In response to the developments in the Supreme Court, the Samyukta Kisan Morcha (SKM), representing 400 odd farmer organisations, expressed great respect for the Supreme Court for its understanding of the problem and words of comfort for the farmers. However, the SKM said that while it welcomed the court’s suggestions, it would not participate in any committee, individually or collectively that may be appointed by the Supreme Court. It was clear, it said, based on the attitude and approach of the government in court that it was not willing to repeal the laws. The lawyers representing the farmers requested the Supreme Court for a hearing rather than a final order so that the farmer organisations could be consulted.

The SKM expressed its “deep disappointment” that no hearing had been fixed and that matters were listed for the pronouncement of orders only. “We express our gratitude but regret our inability to accede their suggestions. Since our struggle is for the welfare of hundreds of millions of farmers across the country, and it is in larger public interest, while the government falsely propagates that the agitation is confined only to farmers of Punjab. Thousands of farmers from Haryana, Uttar Pradesh, Uttarakhand, Rajasthan, Madhya Pradesh, Maharashtra and some other States are assembled on the borders of Delhi while thousands more are protesting at various places of different states at this very moment.”

Abhay Chautala threatens to resign from Haryana Assembly

Meanwhile, in a letter to the Speaker of the Haryana Assembly, Abhay Chautala, the lone legislator from the Indian National Lok Dal (INLD) stated that he would resign from the Assembly if the laws were not repealed by January 26. The INLD has been facing a crisis of relevance after it suffered a vertical split before the Assembly elections in October 2019. In the 90-member Assembly, the INLD has only one legislator. Abhay’s nephew Dushyant Chautala, who is the Deputy Chief Minister of Haryana and whose Jannayak Janata Party is part of the Bharatiya Janata Party-led coalition government in Haryana, has been facing the brunt of the farmers’ ire in the State.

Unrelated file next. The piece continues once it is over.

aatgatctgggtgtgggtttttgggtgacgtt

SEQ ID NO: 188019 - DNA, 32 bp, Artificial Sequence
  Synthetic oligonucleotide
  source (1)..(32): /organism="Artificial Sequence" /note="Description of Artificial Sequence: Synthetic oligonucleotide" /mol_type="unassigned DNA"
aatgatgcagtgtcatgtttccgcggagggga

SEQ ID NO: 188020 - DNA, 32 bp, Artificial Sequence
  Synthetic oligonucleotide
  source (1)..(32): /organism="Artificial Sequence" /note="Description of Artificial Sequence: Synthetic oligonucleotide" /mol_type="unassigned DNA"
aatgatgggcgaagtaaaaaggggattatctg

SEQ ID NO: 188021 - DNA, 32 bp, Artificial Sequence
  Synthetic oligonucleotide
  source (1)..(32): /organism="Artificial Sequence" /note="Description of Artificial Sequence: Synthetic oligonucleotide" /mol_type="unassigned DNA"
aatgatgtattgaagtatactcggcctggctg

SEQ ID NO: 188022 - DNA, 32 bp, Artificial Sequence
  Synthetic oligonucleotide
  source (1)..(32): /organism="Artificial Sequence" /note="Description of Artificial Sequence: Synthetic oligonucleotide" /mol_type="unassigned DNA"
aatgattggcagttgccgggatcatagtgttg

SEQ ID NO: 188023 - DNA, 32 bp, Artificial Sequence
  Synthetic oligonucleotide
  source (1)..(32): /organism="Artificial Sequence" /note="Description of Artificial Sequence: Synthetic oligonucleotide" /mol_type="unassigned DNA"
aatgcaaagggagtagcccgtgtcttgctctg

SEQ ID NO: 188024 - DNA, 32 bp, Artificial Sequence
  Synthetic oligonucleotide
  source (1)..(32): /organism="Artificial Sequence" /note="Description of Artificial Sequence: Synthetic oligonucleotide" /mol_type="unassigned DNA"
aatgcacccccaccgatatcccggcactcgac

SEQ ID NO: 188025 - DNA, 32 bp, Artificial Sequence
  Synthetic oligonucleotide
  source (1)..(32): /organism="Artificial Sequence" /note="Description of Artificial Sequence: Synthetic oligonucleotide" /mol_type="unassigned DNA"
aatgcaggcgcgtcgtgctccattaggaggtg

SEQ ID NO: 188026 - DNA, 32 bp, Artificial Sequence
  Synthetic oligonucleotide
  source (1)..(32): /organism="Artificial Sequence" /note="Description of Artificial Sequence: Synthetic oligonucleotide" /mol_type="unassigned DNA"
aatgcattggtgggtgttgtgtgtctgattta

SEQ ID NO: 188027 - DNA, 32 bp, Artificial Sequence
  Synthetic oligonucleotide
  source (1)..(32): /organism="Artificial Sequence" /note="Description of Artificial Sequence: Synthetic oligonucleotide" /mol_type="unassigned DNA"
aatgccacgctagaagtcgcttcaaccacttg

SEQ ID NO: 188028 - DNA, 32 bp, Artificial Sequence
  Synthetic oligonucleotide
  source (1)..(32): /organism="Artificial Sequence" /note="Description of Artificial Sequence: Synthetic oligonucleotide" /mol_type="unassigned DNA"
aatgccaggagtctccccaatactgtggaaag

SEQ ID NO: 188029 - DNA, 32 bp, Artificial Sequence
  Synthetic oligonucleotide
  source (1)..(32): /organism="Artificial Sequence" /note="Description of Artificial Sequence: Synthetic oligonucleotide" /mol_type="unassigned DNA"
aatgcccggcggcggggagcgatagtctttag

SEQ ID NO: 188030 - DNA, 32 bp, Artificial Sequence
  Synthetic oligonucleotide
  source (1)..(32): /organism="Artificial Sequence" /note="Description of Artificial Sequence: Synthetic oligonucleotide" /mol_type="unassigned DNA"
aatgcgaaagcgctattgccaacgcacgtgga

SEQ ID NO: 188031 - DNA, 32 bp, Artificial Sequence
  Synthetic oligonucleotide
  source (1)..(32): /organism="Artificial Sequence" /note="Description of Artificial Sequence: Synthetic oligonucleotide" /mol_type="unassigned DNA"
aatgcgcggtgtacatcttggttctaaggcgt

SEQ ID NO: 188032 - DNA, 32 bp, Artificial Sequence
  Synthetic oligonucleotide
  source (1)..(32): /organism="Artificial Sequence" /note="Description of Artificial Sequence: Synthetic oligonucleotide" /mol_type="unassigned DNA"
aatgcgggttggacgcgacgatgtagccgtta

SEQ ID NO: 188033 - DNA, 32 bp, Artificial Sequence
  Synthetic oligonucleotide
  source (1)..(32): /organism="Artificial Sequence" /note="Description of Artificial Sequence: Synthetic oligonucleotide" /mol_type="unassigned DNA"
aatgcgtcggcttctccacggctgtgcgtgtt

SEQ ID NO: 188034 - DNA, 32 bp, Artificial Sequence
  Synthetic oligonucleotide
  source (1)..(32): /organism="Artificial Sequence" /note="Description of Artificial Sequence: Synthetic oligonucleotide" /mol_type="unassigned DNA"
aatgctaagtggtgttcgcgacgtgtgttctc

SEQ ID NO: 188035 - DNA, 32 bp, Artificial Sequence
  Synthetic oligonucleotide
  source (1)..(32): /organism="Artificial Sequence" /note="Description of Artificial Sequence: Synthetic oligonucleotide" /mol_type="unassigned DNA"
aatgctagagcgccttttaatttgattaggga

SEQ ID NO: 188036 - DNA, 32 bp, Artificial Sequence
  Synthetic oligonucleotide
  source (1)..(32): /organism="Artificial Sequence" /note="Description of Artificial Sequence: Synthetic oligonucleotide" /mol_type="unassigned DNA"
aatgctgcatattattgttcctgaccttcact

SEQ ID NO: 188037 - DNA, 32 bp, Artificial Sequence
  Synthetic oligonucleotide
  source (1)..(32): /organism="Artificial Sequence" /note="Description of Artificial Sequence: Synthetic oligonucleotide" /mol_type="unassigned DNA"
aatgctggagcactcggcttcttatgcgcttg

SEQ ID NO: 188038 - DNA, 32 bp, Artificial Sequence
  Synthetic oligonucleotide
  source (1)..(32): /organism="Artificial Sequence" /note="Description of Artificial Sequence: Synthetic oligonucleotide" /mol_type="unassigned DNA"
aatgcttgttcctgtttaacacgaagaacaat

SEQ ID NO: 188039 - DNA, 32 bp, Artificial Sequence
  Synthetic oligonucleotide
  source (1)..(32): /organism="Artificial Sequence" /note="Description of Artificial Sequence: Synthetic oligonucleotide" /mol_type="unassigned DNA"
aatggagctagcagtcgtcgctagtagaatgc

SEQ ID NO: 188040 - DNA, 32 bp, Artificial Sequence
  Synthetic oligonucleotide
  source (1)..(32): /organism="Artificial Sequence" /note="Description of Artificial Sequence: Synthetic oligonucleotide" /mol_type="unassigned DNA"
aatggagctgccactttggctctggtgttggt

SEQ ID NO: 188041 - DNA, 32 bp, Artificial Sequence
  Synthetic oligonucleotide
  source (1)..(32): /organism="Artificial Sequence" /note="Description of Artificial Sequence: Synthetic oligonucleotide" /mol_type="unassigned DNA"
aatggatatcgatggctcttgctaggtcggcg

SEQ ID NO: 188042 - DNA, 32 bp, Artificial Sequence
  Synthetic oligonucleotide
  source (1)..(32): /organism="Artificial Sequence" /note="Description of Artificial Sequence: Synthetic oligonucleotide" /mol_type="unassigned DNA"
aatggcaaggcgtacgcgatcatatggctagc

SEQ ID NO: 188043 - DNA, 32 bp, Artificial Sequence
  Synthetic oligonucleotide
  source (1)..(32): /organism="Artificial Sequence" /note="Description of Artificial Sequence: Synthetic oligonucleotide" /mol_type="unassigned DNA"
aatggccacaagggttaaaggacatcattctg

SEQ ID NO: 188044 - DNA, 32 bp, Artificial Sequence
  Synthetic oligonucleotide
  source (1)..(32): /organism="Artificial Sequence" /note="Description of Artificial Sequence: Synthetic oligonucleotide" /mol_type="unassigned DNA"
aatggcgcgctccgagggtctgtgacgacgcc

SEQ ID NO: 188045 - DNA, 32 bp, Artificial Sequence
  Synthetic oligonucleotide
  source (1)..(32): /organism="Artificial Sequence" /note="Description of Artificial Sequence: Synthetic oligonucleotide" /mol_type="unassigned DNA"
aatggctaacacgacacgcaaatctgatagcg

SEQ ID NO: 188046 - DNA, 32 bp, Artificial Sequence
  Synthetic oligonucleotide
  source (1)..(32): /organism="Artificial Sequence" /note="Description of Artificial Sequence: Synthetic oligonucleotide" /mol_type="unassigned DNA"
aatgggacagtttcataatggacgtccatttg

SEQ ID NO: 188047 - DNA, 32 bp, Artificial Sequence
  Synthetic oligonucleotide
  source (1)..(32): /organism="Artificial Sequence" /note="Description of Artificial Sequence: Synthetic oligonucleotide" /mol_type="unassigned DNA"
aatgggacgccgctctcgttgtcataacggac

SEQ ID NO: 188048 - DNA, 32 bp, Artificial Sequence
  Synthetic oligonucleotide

A letter from the Editor


Dear reader,

The COVID-19-induced lockdown and the absolute necessity for human beings to maintain a physical distance from one another in order to contain the pandemic has changed our lives in unimaginable ways. The print medium all over the world is no exception.

As the distribution of printed copies is unlikely to resume any time soon, Frontline will come to you only through the digital platform until the return of normality. The resources needed to keep up the good work that Frontline has been doing for the past 35 years and more are immense. It is a long journey indeed. Readers who have been part of this journey are our source of strength.

Subscribing to the online edition, I am confident, will make it mutually beneficial.

Sincerely,

R. Vijaya Sankar

Editor, Frontline

Support Quality Journalism
This article is closed for comments.
Please Email the Editor